Scenes from the Feminist Movement in the 1970s

The Atlanta Lesbian Feminist Alliance archive contains a series of zines and newsletters published throughout the United States, ranging from the Dayton Women’s Liberation News to the Los Angeles-based Everywoman. (I was looking for the Research Triangle Women’s Liberation Newsletter.) The collection, available on microfilm, offers a look into the fascinating print culture of the feminist movement, particularly in the late 1960s and early 1970s, and reveals the issues and actions taken up by women in local communities — prodding universities to set up daycare centers and make contraception available to undergraduates, setting up judo classes and monitoring politicians and journalists for expressions of sexism, to name a few. Below are a few striking images from the collection (you can click on them to enlarge):

This notice, from the Female Liberation of Durham-Chapel Hill Newsletter in 1970, shows that some things never change — namely, the evilness of Columbia University’s administration, and the perennial excuse that academic jobs are too demanding for women to balance research and teaching with family life.

In this piece, a member chides others for “liberating supplies” from the local universities, where numerous contributors to the newsletter appear to have worked.

A theme I have noticed in many of the zines is an anger that concerns of African Americans regarding racism received more consideration from the Establishment than issues of sexism. This snapshot cites gender stereotyping at the American Association of University Professors (and also ponders the possibility of American kibbutzim):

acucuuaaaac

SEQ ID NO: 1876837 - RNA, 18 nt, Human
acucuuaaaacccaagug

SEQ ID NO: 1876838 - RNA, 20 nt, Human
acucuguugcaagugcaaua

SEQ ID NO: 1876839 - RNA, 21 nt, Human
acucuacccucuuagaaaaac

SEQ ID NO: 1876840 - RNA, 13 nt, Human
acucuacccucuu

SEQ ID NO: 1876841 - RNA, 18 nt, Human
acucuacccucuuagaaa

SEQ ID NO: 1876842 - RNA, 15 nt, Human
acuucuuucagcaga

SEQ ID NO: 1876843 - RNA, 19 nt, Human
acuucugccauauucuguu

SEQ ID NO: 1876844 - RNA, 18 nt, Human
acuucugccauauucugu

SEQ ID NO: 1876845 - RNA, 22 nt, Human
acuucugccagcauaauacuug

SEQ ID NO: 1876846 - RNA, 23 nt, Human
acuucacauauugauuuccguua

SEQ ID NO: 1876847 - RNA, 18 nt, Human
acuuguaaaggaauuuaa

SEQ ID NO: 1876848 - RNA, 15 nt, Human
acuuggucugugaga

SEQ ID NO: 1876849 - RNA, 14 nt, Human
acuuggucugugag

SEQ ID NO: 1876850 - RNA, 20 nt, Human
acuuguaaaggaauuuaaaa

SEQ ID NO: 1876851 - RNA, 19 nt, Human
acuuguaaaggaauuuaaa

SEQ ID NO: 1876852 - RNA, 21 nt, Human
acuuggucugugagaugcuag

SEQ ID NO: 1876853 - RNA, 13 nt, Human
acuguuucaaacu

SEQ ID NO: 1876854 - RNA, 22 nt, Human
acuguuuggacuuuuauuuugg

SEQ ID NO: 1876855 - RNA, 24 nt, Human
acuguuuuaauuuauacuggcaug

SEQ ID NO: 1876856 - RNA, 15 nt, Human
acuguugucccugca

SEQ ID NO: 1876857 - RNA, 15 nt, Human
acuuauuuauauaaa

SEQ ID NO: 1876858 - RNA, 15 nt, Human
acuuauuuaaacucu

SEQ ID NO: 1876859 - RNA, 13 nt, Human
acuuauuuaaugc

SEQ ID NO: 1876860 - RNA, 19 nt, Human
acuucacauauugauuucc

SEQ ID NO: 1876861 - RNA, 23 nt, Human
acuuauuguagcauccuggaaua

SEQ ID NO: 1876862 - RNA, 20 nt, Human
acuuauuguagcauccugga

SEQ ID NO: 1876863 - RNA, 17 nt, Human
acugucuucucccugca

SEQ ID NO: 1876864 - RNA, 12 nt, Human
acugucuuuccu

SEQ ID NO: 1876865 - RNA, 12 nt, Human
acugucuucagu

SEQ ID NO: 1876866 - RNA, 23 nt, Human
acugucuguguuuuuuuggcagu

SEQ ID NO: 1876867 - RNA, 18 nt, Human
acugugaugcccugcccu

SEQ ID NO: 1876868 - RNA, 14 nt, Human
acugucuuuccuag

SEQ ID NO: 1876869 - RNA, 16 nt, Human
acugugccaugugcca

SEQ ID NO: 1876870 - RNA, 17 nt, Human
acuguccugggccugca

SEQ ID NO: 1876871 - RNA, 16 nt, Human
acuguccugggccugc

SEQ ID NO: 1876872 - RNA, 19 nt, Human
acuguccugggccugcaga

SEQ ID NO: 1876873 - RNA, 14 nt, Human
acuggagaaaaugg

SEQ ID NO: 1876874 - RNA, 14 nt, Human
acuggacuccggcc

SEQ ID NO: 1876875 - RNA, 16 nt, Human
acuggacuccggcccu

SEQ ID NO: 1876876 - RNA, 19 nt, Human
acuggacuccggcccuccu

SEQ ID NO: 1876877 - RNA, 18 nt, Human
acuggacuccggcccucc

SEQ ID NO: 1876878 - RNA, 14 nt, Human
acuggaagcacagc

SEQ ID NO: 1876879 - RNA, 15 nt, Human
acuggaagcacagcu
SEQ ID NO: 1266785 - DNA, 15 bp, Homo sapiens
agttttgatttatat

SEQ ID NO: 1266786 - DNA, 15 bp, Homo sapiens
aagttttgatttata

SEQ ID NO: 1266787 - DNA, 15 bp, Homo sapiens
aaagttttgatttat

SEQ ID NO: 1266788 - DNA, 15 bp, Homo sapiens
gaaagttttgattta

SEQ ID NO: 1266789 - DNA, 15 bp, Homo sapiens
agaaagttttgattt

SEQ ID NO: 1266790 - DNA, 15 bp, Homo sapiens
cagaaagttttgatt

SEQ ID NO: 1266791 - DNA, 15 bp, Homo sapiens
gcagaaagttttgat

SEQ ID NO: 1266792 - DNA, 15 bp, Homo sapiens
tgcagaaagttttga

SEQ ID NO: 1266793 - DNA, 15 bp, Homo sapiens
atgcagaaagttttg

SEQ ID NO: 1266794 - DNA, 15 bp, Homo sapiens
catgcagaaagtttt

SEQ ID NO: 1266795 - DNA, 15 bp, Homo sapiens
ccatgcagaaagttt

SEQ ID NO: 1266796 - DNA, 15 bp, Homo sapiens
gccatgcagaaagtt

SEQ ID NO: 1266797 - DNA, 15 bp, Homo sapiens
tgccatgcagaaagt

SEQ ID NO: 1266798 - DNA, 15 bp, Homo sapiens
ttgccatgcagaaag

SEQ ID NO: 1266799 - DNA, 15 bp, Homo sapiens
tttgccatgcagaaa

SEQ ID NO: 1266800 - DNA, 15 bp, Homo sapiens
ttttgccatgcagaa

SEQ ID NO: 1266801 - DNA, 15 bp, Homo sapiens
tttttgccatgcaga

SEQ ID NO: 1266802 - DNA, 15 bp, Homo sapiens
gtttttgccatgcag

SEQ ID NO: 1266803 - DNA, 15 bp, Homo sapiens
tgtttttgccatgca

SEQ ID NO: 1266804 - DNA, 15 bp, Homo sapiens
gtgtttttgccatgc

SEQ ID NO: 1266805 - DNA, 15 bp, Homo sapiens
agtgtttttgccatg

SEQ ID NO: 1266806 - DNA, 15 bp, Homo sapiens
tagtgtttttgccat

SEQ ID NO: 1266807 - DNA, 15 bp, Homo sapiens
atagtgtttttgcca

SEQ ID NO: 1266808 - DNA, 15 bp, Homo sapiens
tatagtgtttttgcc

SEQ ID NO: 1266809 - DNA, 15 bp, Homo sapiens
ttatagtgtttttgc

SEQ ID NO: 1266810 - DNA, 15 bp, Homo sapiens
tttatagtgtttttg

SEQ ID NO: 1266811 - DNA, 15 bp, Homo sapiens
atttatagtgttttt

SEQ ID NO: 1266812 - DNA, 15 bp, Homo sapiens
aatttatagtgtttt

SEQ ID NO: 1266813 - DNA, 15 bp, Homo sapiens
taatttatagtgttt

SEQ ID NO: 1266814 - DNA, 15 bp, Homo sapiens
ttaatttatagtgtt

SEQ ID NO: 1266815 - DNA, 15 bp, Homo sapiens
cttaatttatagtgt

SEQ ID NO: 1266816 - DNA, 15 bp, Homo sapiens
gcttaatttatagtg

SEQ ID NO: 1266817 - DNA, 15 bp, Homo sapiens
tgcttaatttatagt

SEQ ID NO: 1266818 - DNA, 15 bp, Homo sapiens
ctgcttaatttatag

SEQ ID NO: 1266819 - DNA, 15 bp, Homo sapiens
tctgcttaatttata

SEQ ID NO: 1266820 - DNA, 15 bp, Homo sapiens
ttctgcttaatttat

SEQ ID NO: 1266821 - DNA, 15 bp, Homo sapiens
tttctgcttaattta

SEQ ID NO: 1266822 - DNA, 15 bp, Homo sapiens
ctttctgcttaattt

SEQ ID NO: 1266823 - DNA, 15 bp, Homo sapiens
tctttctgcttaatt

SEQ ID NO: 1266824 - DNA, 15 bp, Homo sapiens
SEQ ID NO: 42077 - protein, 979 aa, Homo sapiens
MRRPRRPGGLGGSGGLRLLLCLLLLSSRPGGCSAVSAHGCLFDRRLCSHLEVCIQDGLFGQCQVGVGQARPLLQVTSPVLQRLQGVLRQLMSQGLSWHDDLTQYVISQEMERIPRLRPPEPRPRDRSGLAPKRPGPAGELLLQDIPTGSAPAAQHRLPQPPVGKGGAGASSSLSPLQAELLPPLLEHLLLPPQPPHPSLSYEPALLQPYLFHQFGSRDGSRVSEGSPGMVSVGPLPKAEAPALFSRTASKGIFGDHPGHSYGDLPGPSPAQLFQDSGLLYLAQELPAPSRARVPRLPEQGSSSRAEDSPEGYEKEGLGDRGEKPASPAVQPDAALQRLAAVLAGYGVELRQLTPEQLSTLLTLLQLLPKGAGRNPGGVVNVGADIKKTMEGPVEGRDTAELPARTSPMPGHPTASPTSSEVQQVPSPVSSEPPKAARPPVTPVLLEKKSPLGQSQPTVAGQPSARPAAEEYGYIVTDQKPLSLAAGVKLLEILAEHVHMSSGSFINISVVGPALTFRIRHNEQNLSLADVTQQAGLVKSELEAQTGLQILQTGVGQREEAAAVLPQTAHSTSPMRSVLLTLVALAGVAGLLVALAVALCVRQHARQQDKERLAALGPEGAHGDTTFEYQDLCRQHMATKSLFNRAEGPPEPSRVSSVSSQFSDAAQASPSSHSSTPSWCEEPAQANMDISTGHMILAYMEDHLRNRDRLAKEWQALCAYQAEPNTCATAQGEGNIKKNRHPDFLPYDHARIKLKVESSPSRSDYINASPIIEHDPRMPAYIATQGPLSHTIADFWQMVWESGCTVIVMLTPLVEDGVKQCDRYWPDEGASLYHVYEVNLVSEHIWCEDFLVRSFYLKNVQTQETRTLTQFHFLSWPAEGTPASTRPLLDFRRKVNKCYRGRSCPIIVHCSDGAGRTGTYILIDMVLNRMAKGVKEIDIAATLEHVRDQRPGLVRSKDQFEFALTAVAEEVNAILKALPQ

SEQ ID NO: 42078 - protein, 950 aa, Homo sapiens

An article that purports to explain how to find an abortion is derided as a “typical liberal cop-out.”

There were many other images and excerpts I would have liked to have copied, but I ran out of time.

Author: Alex Sayf Cummings

Alex Sayf Cummings is an associate professor of history at Georgia State University, whose work deals with technology, law, public policy, and the political culture of the modern United States. Alex's writing has appeared in Salon, the Brooklyn Rail, the Journal of American History, the Journal of Urban History, Al Jazeera, and Southern Cultures, among other publications, and the book Democracy of Sound was published by Oxford University Press in 2013 (paperback, 2017). Alex can be followed on Twitter at @akbarjenkins.

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